In any case, it's pretty hard to ID a living octo as male or female, particularly a small one where you don't know the exact species... mercatoris are a bit easier than some because the males have some oversized suckers, but they're pretty hard to spot unless the octo has his suckers positioned to give a good view.

anyway, searching for "trapper" is probably your best bet for stuff to read immediately, although there's no "distilled" version like an article or FAQ.
 
Thanks for the quick reply. She is a Dwarf octopus "Octopus joubini " I will check out the Trapper. She is ok for a minute being seperated. However I don't have to seperate her to take the pics. The back of the pvc has a screw off piece that I can take off while she stays in the front gaurding her eggs. Here are some pics from today.
 

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YOu don't need to separate Mum from the Hatchlings. The sad fact is that nature will do it for you, most octopus die after breeding :sad: . The pods etc from your reef tank sound just fine for the babies. Transfer either by moving a piece of the live rock (no anemones or corals attached...very bad for the babies) or scoop them up with a very fine mesh net. The water temp for the babies should be the same as for the adult.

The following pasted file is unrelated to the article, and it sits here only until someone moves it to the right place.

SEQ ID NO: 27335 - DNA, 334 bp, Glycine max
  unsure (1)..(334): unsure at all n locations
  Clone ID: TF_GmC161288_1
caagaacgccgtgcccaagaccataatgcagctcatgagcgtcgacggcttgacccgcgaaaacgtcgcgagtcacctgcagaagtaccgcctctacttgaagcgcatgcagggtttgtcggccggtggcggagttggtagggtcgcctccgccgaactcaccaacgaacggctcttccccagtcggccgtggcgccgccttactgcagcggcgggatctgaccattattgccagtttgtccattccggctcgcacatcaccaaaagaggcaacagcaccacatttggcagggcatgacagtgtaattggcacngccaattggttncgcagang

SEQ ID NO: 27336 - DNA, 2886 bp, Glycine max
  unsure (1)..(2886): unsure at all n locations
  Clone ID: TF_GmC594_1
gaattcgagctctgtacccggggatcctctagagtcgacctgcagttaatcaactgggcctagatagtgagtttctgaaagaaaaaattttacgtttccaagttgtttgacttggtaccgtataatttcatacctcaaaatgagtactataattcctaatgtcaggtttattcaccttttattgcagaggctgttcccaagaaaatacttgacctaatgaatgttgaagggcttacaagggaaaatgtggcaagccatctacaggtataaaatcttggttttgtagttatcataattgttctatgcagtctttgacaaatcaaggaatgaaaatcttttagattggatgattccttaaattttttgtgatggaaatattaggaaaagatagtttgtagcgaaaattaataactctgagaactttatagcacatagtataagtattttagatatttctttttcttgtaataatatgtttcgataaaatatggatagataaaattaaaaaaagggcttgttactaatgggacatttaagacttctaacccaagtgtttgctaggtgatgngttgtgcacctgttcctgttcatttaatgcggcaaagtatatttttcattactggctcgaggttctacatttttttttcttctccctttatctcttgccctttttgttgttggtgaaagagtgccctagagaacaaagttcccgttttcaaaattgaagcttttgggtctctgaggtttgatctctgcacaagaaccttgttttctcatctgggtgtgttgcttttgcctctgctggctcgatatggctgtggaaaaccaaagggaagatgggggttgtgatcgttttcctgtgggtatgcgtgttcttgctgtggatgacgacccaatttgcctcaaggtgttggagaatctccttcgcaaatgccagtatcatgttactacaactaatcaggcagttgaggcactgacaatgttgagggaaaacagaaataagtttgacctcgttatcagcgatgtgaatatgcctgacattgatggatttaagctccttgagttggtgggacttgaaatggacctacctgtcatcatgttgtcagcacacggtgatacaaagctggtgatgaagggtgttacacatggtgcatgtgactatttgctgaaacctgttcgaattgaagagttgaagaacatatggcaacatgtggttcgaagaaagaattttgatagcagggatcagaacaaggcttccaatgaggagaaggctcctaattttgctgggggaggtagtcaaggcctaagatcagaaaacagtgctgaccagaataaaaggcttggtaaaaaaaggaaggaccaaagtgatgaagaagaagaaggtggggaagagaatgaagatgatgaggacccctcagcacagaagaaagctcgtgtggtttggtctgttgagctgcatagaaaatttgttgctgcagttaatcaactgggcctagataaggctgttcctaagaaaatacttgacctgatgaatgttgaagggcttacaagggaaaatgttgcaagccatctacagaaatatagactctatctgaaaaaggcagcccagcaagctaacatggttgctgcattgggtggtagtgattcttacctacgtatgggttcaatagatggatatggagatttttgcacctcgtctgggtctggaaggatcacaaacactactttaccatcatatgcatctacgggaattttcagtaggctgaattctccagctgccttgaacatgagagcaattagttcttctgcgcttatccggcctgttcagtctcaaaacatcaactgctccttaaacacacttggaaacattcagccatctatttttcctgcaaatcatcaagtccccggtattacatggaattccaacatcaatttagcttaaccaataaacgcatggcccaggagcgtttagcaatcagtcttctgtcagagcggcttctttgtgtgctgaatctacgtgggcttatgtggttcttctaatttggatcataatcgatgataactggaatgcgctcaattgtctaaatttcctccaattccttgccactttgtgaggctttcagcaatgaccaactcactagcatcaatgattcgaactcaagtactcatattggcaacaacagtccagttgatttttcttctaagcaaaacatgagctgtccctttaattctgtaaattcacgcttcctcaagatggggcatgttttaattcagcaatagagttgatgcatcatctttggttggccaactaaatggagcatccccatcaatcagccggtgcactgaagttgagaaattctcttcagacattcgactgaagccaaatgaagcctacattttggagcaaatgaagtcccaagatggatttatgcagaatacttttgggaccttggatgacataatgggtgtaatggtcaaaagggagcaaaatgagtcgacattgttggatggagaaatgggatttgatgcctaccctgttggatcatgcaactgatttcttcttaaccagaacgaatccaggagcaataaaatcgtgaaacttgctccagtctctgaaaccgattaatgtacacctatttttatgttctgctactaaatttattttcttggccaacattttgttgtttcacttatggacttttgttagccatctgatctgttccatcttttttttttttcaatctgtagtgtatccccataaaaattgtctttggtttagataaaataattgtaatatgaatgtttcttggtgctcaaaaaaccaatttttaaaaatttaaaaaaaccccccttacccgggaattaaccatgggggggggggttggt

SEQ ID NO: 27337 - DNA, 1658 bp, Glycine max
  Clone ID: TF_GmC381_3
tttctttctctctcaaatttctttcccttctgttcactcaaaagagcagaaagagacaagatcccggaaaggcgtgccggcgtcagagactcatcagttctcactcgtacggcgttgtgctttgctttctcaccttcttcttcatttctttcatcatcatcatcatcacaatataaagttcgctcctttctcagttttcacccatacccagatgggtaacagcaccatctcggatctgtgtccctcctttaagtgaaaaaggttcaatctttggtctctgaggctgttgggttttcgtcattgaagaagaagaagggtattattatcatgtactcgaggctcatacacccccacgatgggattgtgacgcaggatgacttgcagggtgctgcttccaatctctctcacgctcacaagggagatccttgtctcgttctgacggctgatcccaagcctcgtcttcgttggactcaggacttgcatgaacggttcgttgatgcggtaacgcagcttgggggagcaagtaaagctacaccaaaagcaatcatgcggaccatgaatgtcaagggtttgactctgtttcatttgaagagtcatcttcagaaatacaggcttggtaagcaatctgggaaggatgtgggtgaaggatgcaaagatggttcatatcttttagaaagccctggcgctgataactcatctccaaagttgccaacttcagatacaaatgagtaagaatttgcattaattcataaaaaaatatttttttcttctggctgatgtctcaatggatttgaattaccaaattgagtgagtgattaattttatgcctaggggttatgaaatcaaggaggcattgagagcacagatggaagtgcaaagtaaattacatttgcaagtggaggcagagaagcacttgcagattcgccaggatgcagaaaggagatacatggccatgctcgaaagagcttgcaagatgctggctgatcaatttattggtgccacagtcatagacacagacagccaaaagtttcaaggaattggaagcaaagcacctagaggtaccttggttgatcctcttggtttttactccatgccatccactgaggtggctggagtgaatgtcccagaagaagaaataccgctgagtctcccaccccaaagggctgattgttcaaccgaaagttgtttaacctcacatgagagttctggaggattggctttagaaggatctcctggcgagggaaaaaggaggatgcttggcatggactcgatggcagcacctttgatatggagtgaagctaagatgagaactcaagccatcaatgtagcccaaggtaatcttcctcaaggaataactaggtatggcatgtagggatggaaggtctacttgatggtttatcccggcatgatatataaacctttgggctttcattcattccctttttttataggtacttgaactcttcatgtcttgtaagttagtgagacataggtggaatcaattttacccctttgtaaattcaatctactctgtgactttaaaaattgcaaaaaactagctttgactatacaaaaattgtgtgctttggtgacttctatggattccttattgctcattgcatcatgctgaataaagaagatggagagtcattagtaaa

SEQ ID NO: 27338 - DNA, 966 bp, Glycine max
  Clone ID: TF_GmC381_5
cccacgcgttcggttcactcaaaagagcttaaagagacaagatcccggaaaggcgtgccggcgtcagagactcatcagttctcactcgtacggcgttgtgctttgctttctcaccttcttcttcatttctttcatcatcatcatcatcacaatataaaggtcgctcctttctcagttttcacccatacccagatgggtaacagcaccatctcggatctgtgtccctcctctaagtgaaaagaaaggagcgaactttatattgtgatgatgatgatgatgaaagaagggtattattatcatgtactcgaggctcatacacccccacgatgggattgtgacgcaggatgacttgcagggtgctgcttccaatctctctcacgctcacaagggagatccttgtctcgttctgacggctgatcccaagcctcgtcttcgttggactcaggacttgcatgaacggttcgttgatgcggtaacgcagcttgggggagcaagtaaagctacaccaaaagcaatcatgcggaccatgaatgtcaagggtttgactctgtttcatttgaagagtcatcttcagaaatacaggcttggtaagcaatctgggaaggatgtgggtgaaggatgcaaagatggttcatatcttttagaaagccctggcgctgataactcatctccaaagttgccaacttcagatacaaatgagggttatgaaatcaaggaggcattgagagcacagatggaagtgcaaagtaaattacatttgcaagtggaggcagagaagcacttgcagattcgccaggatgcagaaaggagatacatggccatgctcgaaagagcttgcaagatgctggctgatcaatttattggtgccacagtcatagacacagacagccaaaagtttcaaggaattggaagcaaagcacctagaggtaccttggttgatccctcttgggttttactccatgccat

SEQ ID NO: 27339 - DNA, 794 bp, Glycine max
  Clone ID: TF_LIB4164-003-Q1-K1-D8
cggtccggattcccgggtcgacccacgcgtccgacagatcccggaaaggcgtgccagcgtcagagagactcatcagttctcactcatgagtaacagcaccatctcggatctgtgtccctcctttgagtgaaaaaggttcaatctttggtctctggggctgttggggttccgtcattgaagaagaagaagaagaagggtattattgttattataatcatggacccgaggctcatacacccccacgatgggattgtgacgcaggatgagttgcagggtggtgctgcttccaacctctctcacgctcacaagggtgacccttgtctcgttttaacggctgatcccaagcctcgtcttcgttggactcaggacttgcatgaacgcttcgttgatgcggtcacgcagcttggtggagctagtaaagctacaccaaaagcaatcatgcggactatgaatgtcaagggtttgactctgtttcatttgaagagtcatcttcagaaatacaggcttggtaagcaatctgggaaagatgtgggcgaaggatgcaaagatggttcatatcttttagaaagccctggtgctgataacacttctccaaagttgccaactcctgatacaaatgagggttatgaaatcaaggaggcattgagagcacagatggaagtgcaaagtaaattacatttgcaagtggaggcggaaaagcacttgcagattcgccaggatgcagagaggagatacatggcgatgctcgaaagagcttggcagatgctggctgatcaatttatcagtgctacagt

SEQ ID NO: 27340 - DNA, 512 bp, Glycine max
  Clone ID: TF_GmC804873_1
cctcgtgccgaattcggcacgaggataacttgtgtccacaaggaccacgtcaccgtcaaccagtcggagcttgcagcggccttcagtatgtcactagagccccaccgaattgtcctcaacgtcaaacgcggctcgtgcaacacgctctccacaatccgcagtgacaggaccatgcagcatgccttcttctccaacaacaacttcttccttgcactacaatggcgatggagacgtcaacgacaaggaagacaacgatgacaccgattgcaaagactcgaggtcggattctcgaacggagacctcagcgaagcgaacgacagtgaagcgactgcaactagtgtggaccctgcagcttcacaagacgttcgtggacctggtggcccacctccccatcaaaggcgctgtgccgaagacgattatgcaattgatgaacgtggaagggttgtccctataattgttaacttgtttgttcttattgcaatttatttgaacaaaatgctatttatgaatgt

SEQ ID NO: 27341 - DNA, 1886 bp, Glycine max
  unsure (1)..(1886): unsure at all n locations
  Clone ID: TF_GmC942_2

Cheers

Jean
 
So any ideas when I should be expecting the eggs to hatch? I read somewhere on here about 50 days for the gestation period but it was for a different species would it be the same for mine Dwarf octopus "octopus joubini". And then if you look at the second set of pictures that I posted not all of them are developed as much as the rest will those still hatch?
 
Great pictures! Looks like you've been pointed in the right direction. Dwhatley's threads are probably the most detailed literature you're going to find on the subject. I'm sure if you read enough you'll find the answer to your gestation period question, but I imagine it's going to depend on a few things, like water temperature and flow.

Some of the eggs might not develop but looks like the majority of yours are well on their way.
 
azreefguy,
How big are the eggs? Our O. mercatoris eggs were about 8-9 mm long... O. joubini eggs will be smaller and from all accounts, virtually impossible to raise. If they are the larger size, then you probably have O. mercatoris. Our eggs took between 35 and 50 days to all hatch out at an average temperature of 75 F. Copepods and mysis have done great for our babies (Varys) and they are now eagerly taking frozen foods at 1 month of age.... Guess I need to update our thread, eh?